Kenya’s 2010 Constitution, endorsed after the 2007-08 post-election violence in which more than 1,000 people were killed and hundreds of thousands displaced, stipulates that a candidate wins the presidency if he or she has more than half of all votes cast in the election.
That makes it very difficult, given the anticipated closeness of the race, for either top candidate to reach the 50 per cent mark needed to win outright. As such, a runoff between the top two candidates is expected.
Then there are these reports of hundreds of thousands of ‘spoilt votes’. It is reported that at least 330,000 ballots have been rejected owing to irregularities in part blamed on problems with voter education efforts.
The election commission has said these spoilt votes will still count, which could swing the pendulum and affect the outcome of the election.
Returns for most of the first day of voting placed Kenyatta with 53 per cent and Odinga with 42 per cent but Kenyatta’s percentage was likely to drop after the decision on the rejected votes.
One informed observer from a UK-based university but currently in Kenya for the polls said if Odinga’s performance indeed improved, there would be no escaping a runoff.
Should that be the case, it is hard to say exactly how things will work out this time around compared to the tragic events that followed the last elections.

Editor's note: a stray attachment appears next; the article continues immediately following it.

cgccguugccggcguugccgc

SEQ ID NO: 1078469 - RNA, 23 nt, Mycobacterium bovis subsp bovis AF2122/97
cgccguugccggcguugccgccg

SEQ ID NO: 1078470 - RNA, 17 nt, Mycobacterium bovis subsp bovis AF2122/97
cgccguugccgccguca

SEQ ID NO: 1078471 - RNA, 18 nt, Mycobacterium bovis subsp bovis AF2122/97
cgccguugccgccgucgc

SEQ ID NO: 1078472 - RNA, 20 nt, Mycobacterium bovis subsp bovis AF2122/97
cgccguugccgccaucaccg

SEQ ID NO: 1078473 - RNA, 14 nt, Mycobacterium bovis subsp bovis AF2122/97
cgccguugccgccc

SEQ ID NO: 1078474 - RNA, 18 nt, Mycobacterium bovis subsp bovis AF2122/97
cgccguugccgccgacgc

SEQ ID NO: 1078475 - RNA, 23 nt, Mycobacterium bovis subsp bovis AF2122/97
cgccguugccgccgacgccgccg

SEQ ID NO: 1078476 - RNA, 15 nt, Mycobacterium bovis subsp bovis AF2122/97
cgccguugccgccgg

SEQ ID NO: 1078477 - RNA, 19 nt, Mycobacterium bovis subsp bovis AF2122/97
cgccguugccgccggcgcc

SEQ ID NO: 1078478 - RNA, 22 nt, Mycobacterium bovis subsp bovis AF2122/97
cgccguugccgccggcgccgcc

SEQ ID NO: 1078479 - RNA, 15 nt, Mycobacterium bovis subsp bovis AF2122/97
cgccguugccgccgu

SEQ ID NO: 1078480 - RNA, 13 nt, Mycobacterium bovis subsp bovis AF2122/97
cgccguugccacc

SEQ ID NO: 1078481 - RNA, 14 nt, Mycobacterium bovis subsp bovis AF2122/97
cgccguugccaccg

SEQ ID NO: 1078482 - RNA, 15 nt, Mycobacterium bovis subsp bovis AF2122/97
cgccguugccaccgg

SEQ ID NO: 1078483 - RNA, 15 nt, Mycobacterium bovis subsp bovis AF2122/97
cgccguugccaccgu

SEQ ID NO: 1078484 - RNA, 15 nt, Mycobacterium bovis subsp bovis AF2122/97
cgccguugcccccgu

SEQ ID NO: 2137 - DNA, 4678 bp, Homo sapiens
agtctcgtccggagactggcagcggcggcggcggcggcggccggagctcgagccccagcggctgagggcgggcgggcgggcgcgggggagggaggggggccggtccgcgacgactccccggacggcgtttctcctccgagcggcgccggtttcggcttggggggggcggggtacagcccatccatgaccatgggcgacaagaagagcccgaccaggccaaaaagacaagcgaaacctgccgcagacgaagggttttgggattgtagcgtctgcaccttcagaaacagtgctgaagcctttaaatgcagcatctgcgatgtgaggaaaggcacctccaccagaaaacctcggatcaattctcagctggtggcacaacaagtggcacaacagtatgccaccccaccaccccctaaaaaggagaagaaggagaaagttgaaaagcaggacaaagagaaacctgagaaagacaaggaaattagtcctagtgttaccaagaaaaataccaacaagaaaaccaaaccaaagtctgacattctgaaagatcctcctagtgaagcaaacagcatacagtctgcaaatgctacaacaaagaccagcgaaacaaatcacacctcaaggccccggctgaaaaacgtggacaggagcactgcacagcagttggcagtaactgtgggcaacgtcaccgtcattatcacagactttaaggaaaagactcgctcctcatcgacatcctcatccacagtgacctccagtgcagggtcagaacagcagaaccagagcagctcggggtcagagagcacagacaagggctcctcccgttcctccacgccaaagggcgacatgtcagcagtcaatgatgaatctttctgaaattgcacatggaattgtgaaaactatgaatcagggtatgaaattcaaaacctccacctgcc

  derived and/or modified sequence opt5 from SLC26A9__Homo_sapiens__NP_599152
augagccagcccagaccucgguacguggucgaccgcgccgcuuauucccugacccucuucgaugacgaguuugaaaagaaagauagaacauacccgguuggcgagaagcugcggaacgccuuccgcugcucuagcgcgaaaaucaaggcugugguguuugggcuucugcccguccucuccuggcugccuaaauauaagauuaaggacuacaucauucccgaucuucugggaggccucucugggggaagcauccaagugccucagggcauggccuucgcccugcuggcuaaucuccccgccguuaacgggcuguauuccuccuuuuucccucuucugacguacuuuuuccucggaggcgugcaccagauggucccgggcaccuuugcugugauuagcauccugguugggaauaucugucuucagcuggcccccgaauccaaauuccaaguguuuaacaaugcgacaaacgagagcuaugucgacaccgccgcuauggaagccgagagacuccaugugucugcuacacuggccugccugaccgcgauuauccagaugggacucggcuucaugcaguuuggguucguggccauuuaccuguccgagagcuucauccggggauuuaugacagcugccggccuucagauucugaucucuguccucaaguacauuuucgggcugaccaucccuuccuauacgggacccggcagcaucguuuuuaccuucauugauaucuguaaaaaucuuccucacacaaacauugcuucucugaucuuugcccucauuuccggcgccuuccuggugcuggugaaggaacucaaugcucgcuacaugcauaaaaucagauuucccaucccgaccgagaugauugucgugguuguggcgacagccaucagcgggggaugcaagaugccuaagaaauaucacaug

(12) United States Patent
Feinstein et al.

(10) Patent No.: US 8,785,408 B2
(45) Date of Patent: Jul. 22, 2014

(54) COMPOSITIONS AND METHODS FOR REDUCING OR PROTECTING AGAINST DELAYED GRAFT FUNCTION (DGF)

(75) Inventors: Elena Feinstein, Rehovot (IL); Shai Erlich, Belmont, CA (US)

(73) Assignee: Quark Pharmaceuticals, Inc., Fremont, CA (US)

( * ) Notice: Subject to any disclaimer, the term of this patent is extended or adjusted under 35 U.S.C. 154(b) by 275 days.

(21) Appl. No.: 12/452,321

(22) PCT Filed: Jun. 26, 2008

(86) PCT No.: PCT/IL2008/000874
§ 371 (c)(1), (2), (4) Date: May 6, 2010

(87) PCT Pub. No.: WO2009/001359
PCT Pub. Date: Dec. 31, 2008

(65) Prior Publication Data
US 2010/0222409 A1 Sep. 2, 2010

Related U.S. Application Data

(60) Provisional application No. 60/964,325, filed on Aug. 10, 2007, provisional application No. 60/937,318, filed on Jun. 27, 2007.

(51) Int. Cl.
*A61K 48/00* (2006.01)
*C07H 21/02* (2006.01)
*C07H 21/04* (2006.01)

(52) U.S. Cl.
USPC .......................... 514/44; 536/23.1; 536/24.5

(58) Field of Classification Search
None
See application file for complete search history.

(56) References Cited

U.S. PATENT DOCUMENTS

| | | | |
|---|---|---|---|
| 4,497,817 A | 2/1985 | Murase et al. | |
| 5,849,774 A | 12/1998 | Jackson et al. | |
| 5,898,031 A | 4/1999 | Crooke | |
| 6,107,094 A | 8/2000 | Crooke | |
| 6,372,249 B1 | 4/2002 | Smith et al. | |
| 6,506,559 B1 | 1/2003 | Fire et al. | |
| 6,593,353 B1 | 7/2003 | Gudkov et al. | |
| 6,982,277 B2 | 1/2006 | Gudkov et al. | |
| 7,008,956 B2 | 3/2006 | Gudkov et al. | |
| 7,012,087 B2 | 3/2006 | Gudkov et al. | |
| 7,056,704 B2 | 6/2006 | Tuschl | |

To its credit Kenya has an Independent Electoral and Boundaries Commission (IEBC) ably supported by state-of-the-art technology, even as there are reports of sporadic cases of technical hitches.
It is to be hoped that these will have been overcome and that the final result of the elections will be accurate and fair enough for all parties concerned to concur that they participated in an honourable and patriotic event of national importance and relevance.
The threat of violence may have loomed but, by most indications on the ground, Kenyans are too experienced taking part in elections and have learnt too many harsh lessons from them to ready themselves for a repeat of the tragic scenarios.
Kenya will not be the first country in the world to experience hiccups while implementing “projects” of such immense proportions as the General Election just held.
If anything, there are many positive signals the country has sent out for the outside world to learn from – which is in and by itself a fantastic achievement.
We are impressed having witnessed the election results smoothly trickling in with Kenyans holding their breath as they waited for the final verdict but all very calmly and peacefully despite projections to the contrary by prophets of doom.
It was a remarkable feat for Kenyans to have cast six different kinds of ballots simultaneously – for the president, governor, senator, members of parliament, women’s representative and county assembly or ward representative.
Also for the first time, the presidential ballots bore the pictures and names of the eight candidates and their running mates.
All things considered, the air in Kenya is volatile but the people’s determination to ensure peace prevails should see Kenyan triumph despite all odds. We salute them.